Sierra Leone faces network disruptions
Sierra Leone faced two separate network disruptions last week, according to The Open Observatory of Network Interference (OONI) in a post published this week. OONI and Dyn suggested that the first network disruption occurred due to a fault in a submarine cable, while the second disruption, which followed soon after Sierra Leone’s runoff election, could be an Internet blackout.
A Dyn Research post provides details into the first outage. On March 30, several countries faced network disruptions after an African Coast to Europe (ACE) submarine cable was damaged between Dakar and Nouakchott. The source of the damage has not been reported at the time of publishing. In Mauritania, the disruption caused a 48 hour outage of services.
In a Twitter thread, DYN and OONI shared traffic data regarding the April 1 disruptions, which give evidence that the second disruption was discrete from the first outage. Google traffic data originating from Sierra Leone to Google search shows no Internet traffic after the runoff elections. According to the OONI report, Sierra Leone’s telecommunications regulatory body denied reports of a shutdown.
Chad blocks social media
According to a press statement from Internet without Borders, Chad has shutdown social media such as Facebook Messenger, Whatsapp, and Viber, as well as news outlets like the BBC. The Open Observatory of Network Interference (OONI) performed measurement tests that collaborated the reports of an Internet shutdown.
This latest block appears as a trend in Chad limiting Internet access, including the notable shutdown of Internet access for 48 hours during the 2016 presidential elections. For further background reading, visit The Internet Monitor Week in Review coverage of Chad’s January Internet shutdown here.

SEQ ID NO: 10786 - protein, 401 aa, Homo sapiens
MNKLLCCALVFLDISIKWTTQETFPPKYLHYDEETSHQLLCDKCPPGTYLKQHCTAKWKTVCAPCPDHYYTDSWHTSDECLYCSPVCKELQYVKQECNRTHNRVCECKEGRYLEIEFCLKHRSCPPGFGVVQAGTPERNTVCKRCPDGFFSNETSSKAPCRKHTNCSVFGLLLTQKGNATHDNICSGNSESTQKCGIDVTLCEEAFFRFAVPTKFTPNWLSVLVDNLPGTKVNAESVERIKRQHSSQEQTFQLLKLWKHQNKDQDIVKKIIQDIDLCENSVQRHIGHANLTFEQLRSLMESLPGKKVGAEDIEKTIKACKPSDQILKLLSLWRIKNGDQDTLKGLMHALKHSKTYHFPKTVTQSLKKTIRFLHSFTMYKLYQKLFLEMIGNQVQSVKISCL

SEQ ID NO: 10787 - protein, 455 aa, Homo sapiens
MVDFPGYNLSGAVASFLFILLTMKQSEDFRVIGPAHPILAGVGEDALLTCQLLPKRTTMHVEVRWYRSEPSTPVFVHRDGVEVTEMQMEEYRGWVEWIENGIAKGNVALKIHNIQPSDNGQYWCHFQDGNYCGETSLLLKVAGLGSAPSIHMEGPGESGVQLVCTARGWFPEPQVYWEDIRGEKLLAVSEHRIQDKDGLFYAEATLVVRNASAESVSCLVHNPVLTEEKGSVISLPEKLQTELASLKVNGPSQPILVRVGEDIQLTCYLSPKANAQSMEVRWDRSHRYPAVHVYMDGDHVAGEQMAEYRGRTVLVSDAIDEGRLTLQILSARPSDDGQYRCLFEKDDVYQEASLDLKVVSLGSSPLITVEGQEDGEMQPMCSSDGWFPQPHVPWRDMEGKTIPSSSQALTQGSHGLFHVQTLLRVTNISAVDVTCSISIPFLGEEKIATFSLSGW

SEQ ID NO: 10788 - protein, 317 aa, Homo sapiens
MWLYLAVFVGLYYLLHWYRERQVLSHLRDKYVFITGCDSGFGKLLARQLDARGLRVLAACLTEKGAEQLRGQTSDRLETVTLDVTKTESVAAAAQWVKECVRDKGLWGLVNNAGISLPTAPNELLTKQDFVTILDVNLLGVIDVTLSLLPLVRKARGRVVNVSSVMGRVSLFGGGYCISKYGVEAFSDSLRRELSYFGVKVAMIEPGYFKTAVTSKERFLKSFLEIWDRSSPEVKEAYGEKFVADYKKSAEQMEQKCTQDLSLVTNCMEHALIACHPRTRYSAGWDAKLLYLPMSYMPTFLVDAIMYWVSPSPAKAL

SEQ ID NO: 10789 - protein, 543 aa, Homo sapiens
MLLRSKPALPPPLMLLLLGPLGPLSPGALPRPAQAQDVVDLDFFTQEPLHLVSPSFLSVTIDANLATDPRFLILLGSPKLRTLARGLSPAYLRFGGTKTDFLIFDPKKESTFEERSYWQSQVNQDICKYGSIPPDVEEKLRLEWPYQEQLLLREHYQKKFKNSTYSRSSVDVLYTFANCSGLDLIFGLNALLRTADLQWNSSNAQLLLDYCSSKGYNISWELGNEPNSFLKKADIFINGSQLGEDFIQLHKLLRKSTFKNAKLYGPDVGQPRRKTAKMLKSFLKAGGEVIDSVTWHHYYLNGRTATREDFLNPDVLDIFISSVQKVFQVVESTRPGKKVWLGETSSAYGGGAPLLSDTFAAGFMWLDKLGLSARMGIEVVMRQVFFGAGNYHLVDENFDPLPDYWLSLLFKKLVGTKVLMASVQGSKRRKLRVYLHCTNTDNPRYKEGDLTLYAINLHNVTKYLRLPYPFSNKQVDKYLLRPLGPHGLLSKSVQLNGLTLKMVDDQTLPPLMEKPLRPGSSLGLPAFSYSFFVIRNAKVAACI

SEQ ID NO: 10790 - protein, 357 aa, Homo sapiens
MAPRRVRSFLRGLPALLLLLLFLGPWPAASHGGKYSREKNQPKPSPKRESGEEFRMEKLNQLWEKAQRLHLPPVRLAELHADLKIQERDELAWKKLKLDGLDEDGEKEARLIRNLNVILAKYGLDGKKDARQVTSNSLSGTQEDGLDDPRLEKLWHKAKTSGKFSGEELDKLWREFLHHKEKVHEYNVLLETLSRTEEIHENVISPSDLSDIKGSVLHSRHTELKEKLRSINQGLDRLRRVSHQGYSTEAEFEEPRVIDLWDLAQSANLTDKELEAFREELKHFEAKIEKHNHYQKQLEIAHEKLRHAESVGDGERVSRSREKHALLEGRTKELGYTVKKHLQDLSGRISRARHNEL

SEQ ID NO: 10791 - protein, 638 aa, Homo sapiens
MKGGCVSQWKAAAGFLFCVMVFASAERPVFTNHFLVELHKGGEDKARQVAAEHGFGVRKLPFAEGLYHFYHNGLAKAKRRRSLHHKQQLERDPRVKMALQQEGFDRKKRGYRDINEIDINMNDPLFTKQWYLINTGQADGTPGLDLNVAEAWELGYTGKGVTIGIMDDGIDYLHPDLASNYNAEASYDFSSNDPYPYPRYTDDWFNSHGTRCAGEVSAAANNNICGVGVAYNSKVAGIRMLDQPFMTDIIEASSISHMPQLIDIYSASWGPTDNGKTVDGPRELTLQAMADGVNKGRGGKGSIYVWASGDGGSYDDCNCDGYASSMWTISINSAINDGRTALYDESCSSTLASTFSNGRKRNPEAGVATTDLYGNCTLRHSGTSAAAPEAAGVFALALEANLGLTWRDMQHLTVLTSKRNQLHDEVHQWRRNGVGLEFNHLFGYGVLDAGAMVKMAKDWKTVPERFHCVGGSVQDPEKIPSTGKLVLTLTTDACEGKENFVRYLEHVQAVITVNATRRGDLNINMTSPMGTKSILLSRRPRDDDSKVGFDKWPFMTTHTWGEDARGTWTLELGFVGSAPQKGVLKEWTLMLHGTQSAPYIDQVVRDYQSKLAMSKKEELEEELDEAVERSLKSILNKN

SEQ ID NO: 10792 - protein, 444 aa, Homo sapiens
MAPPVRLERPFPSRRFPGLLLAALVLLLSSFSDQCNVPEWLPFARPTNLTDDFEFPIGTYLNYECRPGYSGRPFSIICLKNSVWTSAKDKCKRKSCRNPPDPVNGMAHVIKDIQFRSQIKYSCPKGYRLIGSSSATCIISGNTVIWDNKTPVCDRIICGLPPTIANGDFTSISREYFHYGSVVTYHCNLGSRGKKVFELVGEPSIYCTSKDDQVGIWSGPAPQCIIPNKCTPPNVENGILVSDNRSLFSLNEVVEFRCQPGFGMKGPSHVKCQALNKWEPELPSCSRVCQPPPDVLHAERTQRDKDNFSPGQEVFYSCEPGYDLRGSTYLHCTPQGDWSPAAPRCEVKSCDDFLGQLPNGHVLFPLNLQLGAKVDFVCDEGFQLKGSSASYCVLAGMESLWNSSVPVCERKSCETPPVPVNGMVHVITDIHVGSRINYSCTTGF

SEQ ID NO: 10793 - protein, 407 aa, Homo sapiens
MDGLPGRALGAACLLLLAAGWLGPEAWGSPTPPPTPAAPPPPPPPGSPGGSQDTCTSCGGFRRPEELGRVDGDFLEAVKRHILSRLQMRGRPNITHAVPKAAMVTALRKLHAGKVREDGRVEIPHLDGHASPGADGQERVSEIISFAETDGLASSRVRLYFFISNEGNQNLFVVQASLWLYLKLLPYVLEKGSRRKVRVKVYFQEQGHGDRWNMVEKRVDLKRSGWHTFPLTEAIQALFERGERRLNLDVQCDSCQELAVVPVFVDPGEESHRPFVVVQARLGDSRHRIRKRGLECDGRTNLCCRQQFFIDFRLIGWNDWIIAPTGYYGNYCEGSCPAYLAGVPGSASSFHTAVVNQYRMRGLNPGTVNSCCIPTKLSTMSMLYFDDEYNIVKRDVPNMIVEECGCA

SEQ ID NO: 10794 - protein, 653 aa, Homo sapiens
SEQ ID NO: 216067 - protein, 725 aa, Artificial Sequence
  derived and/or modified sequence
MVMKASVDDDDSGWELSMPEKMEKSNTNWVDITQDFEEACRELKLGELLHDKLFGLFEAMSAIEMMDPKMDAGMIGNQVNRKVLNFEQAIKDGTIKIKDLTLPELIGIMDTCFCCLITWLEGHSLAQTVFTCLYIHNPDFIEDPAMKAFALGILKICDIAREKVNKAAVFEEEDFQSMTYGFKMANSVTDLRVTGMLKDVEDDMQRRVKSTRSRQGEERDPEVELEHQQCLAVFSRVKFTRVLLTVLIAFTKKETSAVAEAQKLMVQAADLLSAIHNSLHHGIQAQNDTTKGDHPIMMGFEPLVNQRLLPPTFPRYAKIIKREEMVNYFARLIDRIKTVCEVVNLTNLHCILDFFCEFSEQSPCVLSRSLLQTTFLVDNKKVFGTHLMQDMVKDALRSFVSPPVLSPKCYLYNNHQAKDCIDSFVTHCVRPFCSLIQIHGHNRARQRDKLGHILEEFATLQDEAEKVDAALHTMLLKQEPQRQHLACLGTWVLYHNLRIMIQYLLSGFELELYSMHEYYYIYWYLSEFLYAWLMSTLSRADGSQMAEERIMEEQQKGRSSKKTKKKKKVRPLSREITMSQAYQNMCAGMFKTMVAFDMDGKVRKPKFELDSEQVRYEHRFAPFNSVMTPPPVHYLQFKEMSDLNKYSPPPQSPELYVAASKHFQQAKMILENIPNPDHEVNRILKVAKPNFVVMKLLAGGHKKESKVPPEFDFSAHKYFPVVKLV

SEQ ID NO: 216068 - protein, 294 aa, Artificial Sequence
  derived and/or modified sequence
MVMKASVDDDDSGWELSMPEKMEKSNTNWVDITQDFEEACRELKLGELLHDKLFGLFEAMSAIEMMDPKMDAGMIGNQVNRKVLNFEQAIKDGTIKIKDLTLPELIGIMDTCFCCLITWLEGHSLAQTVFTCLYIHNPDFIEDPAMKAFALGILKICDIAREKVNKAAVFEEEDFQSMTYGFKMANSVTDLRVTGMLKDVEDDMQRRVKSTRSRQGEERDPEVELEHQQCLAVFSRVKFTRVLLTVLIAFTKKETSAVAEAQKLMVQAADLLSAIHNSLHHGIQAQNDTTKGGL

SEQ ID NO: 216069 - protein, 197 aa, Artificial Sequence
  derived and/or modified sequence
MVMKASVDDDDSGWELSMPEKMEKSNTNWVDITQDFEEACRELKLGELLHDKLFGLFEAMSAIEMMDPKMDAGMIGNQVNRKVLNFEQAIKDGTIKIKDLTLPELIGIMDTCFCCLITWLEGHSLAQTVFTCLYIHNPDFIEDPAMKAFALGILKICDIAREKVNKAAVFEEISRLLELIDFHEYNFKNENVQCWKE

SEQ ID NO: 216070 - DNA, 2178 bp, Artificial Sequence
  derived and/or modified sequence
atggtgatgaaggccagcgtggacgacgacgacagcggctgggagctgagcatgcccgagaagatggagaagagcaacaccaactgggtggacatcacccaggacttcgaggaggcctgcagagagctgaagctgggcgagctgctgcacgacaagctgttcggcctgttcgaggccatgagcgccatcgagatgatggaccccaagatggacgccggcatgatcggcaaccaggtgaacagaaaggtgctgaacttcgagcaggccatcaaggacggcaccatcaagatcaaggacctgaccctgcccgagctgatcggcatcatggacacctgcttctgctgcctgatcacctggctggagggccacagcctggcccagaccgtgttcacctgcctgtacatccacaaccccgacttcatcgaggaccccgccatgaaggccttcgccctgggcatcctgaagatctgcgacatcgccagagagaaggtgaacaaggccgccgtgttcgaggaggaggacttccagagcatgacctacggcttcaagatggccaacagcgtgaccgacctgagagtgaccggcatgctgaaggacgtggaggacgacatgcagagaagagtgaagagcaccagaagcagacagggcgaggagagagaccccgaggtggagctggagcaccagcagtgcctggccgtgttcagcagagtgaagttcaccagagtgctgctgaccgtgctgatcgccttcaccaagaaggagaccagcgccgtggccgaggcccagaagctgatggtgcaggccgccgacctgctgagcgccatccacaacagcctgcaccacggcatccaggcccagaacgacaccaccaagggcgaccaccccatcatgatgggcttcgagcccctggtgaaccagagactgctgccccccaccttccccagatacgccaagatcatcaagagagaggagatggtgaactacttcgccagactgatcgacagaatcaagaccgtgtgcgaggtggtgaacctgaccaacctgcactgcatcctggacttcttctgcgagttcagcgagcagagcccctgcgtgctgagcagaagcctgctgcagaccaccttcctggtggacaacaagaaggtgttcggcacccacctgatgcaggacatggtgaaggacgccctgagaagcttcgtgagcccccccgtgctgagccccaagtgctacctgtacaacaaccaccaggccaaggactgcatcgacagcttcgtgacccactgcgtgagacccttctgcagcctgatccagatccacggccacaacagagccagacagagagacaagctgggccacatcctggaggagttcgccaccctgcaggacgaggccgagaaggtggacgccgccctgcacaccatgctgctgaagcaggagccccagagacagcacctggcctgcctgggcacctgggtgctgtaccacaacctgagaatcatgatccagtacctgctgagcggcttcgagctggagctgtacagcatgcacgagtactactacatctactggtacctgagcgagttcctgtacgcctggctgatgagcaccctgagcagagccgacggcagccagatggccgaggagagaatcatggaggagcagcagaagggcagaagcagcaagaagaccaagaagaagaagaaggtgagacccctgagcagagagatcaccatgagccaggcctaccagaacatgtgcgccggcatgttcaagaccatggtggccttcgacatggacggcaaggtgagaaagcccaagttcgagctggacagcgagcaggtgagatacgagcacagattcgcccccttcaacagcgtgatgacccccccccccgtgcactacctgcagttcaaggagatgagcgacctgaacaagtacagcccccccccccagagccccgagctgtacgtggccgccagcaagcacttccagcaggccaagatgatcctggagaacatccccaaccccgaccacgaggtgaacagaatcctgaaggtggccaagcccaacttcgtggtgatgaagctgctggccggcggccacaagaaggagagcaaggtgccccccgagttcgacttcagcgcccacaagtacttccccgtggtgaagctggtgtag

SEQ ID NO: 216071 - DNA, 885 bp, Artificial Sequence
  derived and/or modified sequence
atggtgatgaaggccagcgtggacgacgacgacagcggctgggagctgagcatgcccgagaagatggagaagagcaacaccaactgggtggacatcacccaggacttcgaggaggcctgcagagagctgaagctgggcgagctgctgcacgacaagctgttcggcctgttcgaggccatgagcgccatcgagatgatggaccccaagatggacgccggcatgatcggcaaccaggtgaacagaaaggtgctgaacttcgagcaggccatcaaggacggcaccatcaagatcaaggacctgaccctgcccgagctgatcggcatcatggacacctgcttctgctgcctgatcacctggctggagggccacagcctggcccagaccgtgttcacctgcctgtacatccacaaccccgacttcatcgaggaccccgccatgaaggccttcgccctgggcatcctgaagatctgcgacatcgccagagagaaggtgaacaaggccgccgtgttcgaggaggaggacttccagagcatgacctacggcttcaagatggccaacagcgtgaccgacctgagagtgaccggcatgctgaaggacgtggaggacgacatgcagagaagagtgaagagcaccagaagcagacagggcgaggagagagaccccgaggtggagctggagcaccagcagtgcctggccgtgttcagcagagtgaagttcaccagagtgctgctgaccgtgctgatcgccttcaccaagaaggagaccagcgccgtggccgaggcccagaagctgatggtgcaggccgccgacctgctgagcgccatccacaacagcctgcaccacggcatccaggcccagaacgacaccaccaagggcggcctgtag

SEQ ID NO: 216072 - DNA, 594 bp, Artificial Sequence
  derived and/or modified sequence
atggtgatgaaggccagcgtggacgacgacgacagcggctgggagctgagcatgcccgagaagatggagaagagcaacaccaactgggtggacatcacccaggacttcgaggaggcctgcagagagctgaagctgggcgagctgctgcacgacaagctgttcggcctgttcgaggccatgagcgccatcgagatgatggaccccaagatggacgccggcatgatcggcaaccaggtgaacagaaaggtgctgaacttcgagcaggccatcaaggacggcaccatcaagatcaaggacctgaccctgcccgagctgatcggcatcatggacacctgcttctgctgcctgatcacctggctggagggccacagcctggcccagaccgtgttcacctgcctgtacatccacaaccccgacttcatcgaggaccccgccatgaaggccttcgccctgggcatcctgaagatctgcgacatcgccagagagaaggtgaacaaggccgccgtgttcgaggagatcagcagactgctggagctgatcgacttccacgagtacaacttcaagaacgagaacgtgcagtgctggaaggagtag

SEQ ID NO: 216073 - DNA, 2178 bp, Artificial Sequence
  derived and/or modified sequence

China bans the online sale of the Bible
Chinese officials banned the sale of the Bible by leading online retailers such as JD.com, Alibaba’s Taobao, and Amazon, reports the New York Times. The measures to limit Bible sales come on the heels of new religious regulations on Christianity and Islam, seen to be part of President Xi Jinping’s embrace of China’s traditional religions.
A Quartz article on the new regulation shows Chinese Internet users sharing screenshots of their conversations with bookshop owners, who claimed that the online retailers did not provide reason for the changes in policy. Storybook versions of the Bible as well as other religious texts, such as Buddhist sutras and the Quran, are still available by the retailers.